Eye in the sky: Kumba invests R6m in drones

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Kumba Iron Ore has invested R6 million in drones, which survey stockpiles.
Kumba Iron Ore has invested R6 million in drones, which survey stockpiles.

Kumba Iron Ore has invested R6 million in 10 drones, which are operational in two of its key mines.

Four drones are being used at its Kolomela mine, while the remaining six fly above its Sishen mine. Both mines are in the Northern Cape.

According to Glen McGavigan, Kumba's executive head of technical and projects, the drones are used to conduct aerial surveys and collect a new set of information and data.

The company has both fixed-wing and quadcopter drones, with the former featuring cameras and the latter on-board cameras and a laser scanner that are used to create three-dimensional images.

The Anglo American subsidiary disclosed it has, over the past three years, invested R500 million in technology, including the drones for aerial surveys and remote-controlled drills.

Speaking on the drone investments, CEO Themba Mkhwanazi said it was part of the company's strategy to improve productivity.

"The realisation of appropriate pricing for the company's high quality products is a very compelling lever to generate attractive returns with low risk for shareholders. The core focus for 2017 will therefore be to step up these initiatives from current levels, supported by the operating model and technology improvements, in order to realise the full potential of the assets, provide confidence in delivery and enhance profitability," said Mkhwanazi.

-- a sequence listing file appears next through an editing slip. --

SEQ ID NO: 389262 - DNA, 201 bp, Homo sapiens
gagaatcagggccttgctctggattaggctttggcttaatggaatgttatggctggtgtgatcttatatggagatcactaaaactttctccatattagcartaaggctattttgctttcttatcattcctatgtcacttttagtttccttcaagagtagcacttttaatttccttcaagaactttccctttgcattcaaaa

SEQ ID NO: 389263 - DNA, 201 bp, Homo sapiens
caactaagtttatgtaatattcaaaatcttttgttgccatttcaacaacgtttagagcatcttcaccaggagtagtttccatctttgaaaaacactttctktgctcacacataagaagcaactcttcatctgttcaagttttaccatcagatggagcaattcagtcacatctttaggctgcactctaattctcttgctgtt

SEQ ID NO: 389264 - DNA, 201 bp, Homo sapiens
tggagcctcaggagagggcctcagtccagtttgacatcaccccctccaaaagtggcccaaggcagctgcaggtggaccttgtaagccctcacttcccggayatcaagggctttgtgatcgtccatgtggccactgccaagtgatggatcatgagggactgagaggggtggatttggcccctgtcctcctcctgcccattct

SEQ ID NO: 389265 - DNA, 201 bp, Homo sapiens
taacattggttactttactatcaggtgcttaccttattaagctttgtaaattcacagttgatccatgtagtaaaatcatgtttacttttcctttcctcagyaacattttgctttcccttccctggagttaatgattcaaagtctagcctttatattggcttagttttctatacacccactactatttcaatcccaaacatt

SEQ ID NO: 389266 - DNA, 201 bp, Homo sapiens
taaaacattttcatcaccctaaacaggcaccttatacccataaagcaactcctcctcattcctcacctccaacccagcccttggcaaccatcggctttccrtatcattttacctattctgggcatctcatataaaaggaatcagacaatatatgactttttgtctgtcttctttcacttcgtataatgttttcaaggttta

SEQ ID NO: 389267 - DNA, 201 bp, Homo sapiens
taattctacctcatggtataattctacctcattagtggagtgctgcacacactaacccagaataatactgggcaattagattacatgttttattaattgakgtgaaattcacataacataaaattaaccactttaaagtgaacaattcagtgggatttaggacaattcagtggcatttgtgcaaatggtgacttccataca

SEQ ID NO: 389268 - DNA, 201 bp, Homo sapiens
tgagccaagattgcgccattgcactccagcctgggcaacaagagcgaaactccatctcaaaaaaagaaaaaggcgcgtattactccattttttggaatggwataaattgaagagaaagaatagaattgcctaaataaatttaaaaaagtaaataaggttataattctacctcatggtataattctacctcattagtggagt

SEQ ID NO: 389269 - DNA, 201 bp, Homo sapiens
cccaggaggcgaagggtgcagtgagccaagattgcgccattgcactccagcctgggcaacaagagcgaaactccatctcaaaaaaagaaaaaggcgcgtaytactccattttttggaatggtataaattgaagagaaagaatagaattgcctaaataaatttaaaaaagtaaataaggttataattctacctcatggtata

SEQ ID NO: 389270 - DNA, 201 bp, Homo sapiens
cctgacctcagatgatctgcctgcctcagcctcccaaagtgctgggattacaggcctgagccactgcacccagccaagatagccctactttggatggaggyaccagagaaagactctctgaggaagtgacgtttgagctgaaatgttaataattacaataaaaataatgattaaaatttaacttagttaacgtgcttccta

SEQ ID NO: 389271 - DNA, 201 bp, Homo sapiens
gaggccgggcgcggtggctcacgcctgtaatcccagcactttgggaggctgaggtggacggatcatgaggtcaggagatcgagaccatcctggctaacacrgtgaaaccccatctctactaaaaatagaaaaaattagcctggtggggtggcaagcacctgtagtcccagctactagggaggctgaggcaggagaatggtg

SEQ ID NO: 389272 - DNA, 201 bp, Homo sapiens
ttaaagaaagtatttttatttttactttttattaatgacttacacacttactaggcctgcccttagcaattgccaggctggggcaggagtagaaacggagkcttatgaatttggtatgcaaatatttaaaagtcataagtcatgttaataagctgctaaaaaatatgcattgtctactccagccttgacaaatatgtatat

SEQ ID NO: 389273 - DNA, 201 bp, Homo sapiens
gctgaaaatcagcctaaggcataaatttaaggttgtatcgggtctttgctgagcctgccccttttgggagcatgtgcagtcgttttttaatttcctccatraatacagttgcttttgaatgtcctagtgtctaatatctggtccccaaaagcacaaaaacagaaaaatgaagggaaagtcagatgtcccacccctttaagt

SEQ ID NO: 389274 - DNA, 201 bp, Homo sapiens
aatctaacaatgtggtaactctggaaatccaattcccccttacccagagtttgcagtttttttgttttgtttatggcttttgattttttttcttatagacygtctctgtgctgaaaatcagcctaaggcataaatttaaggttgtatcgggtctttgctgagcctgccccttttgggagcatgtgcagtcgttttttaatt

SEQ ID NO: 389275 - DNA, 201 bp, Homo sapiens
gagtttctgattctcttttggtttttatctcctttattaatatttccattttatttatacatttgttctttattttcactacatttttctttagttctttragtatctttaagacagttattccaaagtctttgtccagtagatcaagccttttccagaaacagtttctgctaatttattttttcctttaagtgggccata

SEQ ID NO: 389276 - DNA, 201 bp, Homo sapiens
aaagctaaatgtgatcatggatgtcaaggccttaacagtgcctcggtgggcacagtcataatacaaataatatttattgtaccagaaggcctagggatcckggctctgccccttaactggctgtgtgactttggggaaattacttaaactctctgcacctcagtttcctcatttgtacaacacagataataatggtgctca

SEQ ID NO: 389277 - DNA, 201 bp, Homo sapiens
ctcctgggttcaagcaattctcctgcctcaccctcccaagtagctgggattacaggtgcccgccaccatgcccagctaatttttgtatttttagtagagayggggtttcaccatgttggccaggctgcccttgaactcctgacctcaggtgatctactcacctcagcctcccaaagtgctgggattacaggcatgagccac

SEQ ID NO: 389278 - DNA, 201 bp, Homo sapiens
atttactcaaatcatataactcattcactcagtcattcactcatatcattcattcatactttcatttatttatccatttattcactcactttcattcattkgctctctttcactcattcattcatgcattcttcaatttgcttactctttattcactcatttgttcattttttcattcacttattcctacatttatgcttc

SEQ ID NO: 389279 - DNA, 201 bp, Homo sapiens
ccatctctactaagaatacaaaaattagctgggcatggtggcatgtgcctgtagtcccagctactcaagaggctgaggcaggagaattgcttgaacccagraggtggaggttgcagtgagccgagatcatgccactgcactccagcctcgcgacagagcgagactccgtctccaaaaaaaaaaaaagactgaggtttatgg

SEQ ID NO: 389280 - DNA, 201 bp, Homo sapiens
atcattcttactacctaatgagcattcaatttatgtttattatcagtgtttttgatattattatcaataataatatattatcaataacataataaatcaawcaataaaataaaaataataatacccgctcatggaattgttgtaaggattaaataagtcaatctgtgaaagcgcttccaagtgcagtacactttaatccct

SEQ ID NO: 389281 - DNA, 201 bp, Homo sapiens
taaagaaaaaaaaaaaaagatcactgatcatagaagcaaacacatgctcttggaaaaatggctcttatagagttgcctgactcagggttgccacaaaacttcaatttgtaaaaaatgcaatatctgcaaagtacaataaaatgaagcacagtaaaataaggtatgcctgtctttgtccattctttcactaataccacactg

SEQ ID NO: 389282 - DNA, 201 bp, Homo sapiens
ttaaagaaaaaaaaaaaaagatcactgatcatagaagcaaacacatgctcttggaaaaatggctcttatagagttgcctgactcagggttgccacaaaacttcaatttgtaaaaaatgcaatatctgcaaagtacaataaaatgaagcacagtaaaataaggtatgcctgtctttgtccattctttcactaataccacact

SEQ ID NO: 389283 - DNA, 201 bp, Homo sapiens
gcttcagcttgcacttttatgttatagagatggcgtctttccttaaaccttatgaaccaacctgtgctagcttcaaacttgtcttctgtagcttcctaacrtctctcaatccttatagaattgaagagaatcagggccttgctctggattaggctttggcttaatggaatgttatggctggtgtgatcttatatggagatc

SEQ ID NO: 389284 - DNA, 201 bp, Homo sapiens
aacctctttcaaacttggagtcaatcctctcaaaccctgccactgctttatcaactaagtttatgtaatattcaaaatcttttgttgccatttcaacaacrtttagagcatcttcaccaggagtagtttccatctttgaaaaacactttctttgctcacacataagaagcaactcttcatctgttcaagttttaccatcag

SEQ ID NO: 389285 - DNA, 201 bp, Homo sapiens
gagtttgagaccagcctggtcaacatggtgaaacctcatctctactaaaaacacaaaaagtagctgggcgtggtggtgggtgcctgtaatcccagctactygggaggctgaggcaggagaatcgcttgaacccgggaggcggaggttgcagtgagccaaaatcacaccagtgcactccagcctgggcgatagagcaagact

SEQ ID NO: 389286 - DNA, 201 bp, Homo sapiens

He explained that using drones allows the mine to have more coverage in terms of surveying, while eliminating the previous option of having to expose an individual to walking on stockpiles.

In December 2015, the company launched its first leased drone flight at the Kolomela mine and in November 2016, decided to acquire its first fixed-wing and quadcopter drones.

The company has trained five of its staff to be pilots of these drones and they received licences from the SA Civil Aviation Authority to use the technology.

McGavigan said drones may also be utilised in accident survey reports and as an accident prevention tool to survey areas that could be unsafe for workers to enter.

Gregory Donaldson, chief flight instructor and chief pilot at drone pilot training centre UAV Industries, last year observed the increasing usage of drones by SA's mining companies. He said then that drones were being used for everything ranging from mapping to mineral exploration to tracking stockpiles.

"The fastest growth we're observing at the moment is from the mining sector.

"They use the drones to fly over an area of heaped coal, sand and other resources used in the mines, and the cameras are used to view the stockpile for stock measurement. In the past, the stockpiles in the mining industry were measured by engineers either manually or by using GPS coordinates," Donaldson said.

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